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Lone Star Book Reviews

By Rashda Khan


Rashda Khan is the food columnist for the San Angelo Standard-Times and is the 2015 president of the San Angelo Writers’ Club. She also writes fiction as award-winning author Mina Khan.


You can find her on the following social networks:

Website/Blog: Stories by Mina Khan

Facebook Author Page



Lone Star Book Reviews
of Texas books appear weekly

Elizabeth Ethredge, who lives in The Woodlands, Texas, is a CIED graduate student minoring in English at SHSU. Joanna Baker, Matthew Bennett, Reina Shay Broussard, Gary Horton, Julian Kindred, all in the English graduate program at SHSU, were members of Dr. Paul Ruffin’s Editing/Publishing Practicum (Spring 2014), which produced this book.


Ethredge, Elizabeth

Cooking with the Texas Poets Laureate

Texas Review Press

978-1680030204 Paperback, 158 pages; spiral bound, $22.95

May 7, 2015


Cooking with the Texas Poets Laureate is a gem. The slim volume contains a bounty of riches in terms of words, wisdom, and recipes. The book features eleven Texas poets laureate — luminaries like Jan Seale, Walt McDonald, Red Steagall, Karla K. Morton, and more — who share their poetry, essays, and family recipes. It is a feast of offerings that you want to take time and savor.




Here's one example — “Eating Texas” from Jan Seale, the 2012 Texas Poet Laureate.


Eating Texas


          It’s taken a long apprenticeship

          to make waffles in the shape of Texas.

          First there were mountains over Waco.

          Then the Panhandle sank.


          A few more false starts when

          the Red River swamped Oklahoma

          and the Rio Grande dripped into Mexico.

          Now I can make perfect ones.


          All I have to do is take care

          to stop pouring the batter a little shy

          of El Paso, Dalhart, and Texarkana.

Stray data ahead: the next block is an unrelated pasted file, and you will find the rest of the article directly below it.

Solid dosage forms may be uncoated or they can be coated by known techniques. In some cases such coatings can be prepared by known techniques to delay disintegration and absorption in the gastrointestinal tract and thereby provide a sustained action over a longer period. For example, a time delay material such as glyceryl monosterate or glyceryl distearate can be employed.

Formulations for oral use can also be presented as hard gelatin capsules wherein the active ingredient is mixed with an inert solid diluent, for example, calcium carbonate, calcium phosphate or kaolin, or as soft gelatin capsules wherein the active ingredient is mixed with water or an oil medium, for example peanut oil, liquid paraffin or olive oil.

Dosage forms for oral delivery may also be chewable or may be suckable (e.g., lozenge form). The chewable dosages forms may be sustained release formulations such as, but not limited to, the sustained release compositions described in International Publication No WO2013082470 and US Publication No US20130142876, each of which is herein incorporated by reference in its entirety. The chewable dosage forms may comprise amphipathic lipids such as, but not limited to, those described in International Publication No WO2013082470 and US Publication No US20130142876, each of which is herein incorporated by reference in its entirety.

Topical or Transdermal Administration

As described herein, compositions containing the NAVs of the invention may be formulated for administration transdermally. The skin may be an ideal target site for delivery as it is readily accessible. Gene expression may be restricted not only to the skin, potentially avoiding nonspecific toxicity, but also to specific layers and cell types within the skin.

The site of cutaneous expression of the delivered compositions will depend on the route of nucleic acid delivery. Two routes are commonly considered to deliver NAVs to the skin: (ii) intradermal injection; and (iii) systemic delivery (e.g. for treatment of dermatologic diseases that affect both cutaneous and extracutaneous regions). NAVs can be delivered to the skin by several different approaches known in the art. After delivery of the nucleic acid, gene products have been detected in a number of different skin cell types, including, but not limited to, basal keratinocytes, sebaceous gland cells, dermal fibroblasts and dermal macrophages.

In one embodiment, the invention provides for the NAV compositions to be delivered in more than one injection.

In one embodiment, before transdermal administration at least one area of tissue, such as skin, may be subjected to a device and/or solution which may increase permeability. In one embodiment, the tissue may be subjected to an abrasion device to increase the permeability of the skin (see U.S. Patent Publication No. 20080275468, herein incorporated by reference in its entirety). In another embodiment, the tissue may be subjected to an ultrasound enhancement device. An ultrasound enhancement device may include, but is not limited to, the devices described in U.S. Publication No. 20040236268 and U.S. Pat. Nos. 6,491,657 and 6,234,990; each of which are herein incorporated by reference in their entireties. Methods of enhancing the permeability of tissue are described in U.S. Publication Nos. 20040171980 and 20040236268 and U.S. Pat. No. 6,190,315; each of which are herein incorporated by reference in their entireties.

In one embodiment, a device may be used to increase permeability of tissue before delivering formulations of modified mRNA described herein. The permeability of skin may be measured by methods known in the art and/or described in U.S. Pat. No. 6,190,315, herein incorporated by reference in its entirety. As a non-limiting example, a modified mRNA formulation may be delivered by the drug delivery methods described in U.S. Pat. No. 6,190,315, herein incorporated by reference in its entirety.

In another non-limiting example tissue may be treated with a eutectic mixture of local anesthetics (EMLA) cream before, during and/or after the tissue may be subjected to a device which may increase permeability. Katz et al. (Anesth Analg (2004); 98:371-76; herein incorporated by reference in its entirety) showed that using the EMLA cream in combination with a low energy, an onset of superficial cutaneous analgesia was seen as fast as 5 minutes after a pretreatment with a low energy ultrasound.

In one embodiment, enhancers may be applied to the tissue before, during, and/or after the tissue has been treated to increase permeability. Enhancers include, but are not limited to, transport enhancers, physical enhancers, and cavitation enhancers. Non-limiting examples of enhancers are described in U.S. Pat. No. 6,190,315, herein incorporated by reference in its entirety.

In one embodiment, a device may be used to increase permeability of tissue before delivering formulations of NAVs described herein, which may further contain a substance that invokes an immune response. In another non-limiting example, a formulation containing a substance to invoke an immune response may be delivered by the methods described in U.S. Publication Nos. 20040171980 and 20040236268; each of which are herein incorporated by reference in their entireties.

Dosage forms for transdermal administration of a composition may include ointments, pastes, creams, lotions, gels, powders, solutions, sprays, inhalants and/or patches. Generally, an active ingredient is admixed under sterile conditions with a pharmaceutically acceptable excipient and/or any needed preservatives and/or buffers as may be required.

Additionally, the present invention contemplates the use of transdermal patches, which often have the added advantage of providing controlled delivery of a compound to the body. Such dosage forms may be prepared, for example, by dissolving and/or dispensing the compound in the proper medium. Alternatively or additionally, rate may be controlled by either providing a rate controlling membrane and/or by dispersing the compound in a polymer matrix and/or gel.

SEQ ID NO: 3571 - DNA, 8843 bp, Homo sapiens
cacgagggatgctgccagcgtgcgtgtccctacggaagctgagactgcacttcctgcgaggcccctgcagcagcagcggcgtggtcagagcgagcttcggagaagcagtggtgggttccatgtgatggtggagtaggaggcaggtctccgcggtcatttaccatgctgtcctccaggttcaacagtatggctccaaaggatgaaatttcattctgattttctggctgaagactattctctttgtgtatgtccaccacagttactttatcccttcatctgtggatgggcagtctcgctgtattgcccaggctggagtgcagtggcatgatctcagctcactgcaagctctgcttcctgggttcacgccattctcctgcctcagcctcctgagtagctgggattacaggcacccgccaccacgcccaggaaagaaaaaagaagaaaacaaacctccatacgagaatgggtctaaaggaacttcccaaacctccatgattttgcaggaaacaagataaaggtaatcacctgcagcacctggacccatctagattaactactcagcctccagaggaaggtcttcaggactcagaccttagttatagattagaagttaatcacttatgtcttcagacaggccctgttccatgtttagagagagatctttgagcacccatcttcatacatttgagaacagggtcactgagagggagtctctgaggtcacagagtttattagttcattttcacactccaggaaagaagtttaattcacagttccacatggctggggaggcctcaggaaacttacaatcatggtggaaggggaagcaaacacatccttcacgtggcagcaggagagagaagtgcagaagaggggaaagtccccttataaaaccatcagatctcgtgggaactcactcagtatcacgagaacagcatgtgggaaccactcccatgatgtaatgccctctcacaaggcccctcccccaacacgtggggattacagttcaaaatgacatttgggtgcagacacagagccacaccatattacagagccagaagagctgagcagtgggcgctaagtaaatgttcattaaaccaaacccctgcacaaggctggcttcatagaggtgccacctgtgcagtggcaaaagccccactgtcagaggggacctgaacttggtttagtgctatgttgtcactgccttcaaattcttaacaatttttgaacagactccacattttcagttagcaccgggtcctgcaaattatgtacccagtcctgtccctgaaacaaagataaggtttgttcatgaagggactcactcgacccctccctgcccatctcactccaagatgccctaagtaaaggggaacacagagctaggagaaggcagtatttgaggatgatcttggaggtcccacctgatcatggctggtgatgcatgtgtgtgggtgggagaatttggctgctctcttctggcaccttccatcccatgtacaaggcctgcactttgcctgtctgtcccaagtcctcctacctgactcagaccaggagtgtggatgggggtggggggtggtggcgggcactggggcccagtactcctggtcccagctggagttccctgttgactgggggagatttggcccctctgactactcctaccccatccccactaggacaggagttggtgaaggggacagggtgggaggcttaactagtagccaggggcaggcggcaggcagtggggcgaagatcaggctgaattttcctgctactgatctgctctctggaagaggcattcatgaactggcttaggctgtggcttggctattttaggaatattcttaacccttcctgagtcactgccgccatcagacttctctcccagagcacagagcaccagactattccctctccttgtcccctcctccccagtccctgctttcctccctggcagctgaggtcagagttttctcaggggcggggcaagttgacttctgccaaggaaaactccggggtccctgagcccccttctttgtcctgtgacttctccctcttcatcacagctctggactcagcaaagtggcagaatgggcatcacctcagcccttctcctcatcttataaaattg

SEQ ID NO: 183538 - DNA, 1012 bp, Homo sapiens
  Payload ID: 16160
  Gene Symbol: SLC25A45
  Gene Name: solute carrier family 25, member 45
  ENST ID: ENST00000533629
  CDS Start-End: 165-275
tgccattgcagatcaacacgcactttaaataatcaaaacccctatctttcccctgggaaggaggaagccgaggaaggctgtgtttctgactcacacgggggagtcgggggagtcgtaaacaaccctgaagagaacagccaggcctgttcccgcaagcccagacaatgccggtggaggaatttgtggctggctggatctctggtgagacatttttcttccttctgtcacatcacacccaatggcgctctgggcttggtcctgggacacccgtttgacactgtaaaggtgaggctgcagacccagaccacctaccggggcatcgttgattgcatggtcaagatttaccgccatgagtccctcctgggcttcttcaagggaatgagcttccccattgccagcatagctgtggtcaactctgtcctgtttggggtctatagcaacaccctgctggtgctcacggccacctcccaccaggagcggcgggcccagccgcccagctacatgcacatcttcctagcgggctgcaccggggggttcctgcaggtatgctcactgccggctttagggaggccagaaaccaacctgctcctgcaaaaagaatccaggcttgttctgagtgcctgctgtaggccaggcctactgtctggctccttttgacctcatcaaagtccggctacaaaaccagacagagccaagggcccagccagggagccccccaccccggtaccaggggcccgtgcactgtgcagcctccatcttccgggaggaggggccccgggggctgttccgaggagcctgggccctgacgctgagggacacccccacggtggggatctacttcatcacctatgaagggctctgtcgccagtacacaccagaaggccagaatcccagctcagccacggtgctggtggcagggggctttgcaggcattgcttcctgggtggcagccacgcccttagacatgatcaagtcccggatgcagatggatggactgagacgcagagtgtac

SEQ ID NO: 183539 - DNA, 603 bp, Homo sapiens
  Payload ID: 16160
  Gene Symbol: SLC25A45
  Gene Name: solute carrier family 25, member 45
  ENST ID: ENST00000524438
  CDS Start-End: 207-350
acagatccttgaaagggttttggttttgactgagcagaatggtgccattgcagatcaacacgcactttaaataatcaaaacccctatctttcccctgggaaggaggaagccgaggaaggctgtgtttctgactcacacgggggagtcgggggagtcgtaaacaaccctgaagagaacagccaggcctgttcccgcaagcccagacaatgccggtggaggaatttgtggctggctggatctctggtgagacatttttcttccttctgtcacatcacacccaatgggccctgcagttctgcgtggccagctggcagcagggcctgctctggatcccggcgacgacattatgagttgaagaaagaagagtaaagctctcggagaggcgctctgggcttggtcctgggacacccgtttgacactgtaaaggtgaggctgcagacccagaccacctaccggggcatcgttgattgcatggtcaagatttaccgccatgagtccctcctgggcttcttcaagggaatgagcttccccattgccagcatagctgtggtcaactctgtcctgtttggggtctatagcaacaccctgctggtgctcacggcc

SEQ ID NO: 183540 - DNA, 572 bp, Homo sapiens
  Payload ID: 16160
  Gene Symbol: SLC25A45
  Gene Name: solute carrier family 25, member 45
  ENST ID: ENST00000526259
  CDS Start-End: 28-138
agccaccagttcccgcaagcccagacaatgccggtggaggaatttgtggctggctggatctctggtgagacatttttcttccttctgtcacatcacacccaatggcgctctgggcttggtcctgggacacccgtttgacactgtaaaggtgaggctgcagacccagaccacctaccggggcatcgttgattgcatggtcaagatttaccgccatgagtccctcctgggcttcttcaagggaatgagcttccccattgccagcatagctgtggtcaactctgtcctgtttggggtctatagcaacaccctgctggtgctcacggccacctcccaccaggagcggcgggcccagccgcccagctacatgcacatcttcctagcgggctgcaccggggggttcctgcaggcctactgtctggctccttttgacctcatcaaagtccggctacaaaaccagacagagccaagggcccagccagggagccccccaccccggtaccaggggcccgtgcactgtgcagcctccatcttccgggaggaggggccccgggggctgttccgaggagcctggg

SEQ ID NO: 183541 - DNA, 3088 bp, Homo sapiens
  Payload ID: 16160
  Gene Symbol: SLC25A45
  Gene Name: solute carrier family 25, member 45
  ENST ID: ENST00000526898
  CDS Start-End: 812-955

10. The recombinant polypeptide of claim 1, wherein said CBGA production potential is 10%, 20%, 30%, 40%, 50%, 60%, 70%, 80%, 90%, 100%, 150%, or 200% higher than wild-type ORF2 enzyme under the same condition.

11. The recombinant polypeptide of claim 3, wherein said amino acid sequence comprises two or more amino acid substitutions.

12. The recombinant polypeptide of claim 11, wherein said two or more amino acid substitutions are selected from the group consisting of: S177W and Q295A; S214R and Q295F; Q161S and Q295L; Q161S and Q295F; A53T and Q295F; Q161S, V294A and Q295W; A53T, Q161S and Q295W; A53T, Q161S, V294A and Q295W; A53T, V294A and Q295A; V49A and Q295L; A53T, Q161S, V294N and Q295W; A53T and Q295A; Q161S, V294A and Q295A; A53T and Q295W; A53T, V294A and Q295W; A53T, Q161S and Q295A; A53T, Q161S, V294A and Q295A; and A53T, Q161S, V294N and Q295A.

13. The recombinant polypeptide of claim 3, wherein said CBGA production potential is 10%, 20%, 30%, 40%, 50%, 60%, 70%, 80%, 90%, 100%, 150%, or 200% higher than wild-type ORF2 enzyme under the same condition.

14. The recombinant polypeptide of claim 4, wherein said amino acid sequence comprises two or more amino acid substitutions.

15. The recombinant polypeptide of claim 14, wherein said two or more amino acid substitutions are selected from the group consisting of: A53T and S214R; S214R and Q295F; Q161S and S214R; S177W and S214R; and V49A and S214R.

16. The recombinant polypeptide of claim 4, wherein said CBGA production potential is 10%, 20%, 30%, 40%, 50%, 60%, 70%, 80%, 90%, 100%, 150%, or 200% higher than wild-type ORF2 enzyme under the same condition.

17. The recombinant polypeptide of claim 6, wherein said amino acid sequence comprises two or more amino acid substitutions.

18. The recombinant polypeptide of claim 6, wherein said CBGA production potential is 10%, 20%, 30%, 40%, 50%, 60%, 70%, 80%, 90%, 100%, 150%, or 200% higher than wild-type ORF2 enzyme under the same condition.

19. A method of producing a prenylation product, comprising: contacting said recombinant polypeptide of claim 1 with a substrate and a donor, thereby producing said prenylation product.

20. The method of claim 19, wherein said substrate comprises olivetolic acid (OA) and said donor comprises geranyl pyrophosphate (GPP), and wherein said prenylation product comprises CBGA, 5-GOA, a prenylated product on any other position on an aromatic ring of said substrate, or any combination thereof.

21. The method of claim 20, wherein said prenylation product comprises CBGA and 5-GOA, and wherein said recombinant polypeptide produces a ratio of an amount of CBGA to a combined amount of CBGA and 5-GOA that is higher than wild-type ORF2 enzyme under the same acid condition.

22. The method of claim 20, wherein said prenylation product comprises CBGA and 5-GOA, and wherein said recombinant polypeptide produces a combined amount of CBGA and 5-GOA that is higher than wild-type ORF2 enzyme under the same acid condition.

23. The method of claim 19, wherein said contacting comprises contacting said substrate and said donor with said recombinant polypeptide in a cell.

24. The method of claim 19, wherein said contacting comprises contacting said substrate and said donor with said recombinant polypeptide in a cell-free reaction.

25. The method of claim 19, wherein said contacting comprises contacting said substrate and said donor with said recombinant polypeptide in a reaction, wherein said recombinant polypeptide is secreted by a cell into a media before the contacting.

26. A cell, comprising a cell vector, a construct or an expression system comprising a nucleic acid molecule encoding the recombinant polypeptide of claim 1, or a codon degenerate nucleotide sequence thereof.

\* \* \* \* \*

For some reason, Brownsville needs more.


          Otherwise, my grandchildren complain they

          don’t have the tail of Texas to bite off.


She shares classic recipes for roast and gravy, and Frijoles Borrachos (Drunk Beans), as well as fun innovative recipes like Papaya Mama Cobbler and Gloria’s Mexican Limeade (made with celery).


Most of the recipes in this book are Texan and Southern favorites, like brisket and homemade BBQ sauce, apricot fried pies, a grandmother’s recipe for chow-chow, cornbread, grits, and ham. There are quite a few intriguing recipes, like Bacon Bloody Mary, Chimayo Cocktail, and Cherry Coke Jell-O Salad.


I found dollops of humor sprinkled liberally throughout and some sage advice about cooking, writing, and living.


Poetry is food for the soul, and food doesn’t just fill stomachs, but also builds relationships and precious memories. Cooking with the Texas Poets Laureate gives readers the best of both.


Here’s an excerpt from Alan Birkelbach, the 2005 Poet Laureate of Texas, which perfectly illustrates that:


“I can only bring you my words.

And my hands. These hands. I know these hands.

I have always had them. I can vouch for them.

And maybe also I will bring you a hamburger

From a really good place I know.

These are three things that I know are true.”


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